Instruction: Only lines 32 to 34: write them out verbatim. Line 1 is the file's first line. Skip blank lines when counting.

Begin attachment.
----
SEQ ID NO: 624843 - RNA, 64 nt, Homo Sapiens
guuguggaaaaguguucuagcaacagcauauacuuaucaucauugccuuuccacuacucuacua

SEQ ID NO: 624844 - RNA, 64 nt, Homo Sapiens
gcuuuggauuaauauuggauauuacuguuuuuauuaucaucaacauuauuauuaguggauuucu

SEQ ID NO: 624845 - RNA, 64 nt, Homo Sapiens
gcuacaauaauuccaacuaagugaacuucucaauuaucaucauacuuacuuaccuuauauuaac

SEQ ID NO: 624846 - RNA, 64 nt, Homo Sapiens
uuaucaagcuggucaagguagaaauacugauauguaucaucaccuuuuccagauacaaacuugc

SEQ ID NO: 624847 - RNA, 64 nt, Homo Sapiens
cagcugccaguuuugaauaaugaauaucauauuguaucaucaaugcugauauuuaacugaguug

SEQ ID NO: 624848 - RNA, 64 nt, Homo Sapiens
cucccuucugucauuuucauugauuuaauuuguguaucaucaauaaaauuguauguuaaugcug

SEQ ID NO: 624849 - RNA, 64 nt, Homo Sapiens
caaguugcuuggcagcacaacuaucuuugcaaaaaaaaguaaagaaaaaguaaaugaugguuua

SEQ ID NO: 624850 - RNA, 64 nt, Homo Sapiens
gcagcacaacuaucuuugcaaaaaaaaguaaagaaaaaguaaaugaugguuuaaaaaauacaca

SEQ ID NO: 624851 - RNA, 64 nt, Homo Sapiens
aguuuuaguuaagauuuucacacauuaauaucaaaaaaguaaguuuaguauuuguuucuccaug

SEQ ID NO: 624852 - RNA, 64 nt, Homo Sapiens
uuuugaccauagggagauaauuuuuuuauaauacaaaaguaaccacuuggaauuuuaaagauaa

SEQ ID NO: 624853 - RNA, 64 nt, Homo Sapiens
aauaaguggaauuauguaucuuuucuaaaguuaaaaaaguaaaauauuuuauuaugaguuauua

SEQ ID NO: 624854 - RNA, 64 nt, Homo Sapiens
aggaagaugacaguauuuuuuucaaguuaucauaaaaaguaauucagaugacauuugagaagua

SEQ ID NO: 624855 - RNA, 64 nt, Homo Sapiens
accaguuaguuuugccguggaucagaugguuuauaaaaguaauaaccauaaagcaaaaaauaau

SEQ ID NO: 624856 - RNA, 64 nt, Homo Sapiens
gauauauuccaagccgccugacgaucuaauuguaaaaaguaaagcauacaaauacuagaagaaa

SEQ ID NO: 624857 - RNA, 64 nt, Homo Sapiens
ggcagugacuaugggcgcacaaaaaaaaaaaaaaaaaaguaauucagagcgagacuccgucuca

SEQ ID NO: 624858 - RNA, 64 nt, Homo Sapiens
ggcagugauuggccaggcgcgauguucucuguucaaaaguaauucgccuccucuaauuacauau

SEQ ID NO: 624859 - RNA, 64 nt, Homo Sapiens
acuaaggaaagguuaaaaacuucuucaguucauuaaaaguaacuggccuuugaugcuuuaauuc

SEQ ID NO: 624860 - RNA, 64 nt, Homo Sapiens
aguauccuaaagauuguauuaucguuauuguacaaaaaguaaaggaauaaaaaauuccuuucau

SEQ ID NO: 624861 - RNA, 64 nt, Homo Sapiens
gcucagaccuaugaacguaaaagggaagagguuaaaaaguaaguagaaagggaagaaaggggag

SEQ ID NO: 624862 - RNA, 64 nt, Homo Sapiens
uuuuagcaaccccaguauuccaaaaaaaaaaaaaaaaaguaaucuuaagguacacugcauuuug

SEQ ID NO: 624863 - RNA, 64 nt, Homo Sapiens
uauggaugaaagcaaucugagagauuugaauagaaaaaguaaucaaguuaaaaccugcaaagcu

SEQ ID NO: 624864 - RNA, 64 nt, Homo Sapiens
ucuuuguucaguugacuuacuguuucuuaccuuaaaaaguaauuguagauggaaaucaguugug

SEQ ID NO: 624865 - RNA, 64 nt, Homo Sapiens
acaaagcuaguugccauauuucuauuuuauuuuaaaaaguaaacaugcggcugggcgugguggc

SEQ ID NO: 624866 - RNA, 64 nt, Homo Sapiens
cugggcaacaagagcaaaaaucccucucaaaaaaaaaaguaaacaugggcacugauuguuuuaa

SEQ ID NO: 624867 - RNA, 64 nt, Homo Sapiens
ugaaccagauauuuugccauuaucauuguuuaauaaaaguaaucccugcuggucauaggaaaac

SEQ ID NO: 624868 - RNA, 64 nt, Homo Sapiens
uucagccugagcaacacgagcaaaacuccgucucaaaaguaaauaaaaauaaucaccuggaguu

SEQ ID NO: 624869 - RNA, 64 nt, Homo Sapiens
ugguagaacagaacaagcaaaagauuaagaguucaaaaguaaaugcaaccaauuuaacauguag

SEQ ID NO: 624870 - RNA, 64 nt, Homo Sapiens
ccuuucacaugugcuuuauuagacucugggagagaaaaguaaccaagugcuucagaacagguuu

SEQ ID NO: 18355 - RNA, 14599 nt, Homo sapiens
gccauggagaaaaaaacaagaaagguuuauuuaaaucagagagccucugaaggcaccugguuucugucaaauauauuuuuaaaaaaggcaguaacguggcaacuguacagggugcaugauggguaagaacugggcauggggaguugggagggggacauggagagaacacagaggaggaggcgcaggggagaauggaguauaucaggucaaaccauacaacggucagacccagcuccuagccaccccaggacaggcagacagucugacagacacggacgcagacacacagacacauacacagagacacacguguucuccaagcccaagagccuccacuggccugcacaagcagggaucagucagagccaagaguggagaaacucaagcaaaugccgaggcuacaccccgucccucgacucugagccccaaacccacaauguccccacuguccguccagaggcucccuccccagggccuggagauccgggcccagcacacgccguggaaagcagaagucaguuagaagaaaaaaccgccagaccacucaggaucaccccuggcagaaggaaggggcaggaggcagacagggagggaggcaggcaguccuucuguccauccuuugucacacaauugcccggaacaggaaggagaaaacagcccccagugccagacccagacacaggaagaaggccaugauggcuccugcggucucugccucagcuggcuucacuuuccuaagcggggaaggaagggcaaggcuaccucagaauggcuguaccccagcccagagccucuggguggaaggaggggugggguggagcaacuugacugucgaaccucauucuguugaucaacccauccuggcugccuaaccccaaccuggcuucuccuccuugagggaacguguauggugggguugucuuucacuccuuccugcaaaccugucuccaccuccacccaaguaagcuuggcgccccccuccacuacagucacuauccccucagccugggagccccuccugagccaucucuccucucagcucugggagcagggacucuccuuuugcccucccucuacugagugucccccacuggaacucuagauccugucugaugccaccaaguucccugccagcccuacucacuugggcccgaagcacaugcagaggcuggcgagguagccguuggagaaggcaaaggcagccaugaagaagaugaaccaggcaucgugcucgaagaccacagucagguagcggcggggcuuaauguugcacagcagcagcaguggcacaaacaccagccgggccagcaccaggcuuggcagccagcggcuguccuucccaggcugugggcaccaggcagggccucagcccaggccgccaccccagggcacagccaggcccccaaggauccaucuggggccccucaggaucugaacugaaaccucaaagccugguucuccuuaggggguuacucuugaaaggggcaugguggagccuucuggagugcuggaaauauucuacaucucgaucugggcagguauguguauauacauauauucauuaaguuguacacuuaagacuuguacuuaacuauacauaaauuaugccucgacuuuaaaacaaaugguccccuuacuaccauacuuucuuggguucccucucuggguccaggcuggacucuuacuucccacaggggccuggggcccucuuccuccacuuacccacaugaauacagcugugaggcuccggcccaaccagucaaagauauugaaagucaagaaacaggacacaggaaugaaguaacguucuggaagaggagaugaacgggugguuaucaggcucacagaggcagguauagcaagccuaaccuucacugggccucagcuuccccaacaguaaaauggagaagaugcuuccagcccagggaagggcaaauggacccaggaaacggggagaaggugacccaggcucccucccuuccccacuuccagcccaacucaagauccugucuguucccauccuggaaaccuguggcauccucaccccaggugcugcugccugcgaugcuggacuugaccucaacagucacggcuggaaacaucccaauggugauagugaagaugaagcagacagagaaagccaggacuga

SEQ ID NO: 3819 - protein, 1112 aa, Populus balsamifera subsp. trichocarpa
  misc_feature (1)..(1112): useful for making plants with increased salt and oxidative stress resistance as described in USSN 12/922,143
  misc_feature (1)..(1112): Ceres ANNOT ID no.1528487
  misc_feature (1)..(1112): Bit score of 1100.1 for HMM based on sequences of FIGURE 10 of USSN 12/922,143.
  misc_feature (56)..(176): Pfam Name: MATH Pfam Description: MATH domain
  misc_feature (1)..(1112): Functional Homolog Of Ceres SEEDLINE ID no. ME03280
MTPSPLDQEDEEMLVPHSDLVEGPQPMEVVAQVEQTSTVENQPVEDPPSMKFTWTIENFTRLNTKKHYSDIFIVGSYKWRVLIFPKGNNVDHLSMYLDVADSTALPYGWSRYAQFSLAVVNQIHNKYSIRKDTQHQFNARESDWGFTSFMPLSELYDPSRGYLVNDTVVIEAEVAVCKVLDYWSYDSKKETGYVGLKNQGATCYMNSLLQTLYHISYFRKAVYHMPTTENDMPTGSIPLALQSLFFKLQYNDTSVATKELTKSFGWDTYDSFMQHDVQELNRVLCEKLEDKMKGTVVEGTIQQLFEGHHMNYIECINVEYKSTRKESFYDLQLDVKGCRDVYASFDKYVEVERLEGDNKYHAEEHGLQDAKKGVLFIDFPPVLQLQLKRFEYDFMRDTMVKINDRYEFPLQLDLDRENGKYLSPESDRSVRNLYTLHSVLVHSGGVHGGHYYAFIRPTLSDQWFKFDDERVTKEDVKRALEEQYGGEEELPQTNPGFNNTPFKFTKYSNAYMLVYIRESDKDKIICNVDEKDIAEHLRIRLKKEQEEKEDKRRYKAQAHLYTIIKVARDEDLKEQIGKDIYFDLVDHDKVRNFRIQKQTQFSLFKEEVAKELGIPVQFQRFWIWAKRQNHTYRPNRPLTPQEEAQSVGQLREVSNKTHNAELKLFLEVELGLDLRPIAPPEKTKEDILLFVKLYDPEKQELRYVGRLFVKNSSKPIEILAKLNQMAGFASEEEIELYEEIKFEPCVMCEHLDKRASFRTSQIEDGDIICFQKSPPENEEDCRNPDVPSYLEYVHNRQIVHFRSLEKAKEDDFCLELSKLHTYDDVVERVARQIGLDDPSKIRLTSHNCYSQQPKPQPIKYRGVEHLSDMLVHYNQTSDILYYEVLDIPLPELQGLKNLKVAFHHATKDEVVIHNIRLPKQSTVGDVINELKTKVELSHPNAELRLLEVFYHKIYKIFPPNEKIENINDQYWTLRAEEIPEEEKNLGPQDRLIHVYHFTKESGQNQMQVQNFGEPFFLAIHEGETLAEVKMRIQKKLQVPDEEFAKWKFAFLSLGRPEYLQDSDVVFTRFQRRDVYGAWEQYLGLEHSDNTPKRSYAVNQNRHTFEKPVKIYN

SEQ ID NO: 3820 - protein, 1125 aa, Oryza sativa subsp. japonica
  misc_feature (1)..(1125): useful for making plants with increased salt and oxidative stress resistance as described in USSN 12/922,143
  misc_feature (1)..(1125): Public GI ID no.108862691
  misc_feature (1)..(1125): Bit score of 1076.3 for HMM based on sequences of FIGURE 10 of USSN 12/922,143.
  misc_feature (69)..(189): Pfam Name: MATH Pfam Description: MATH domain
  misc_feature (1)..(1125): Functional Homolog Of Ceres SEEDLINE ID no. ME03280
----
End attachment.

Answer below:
ggcagugauuggccaggcgcgauguucucuguucaaaaguaauucgccuccucuaauuacauau

SEQ ID NO: 624859 - RNA, 64 nt, Homo Sapiens
acuaaggaaagguuaaaaacuucuucaguucauuaaaaguaacuggccuuugaugcuuuaauuc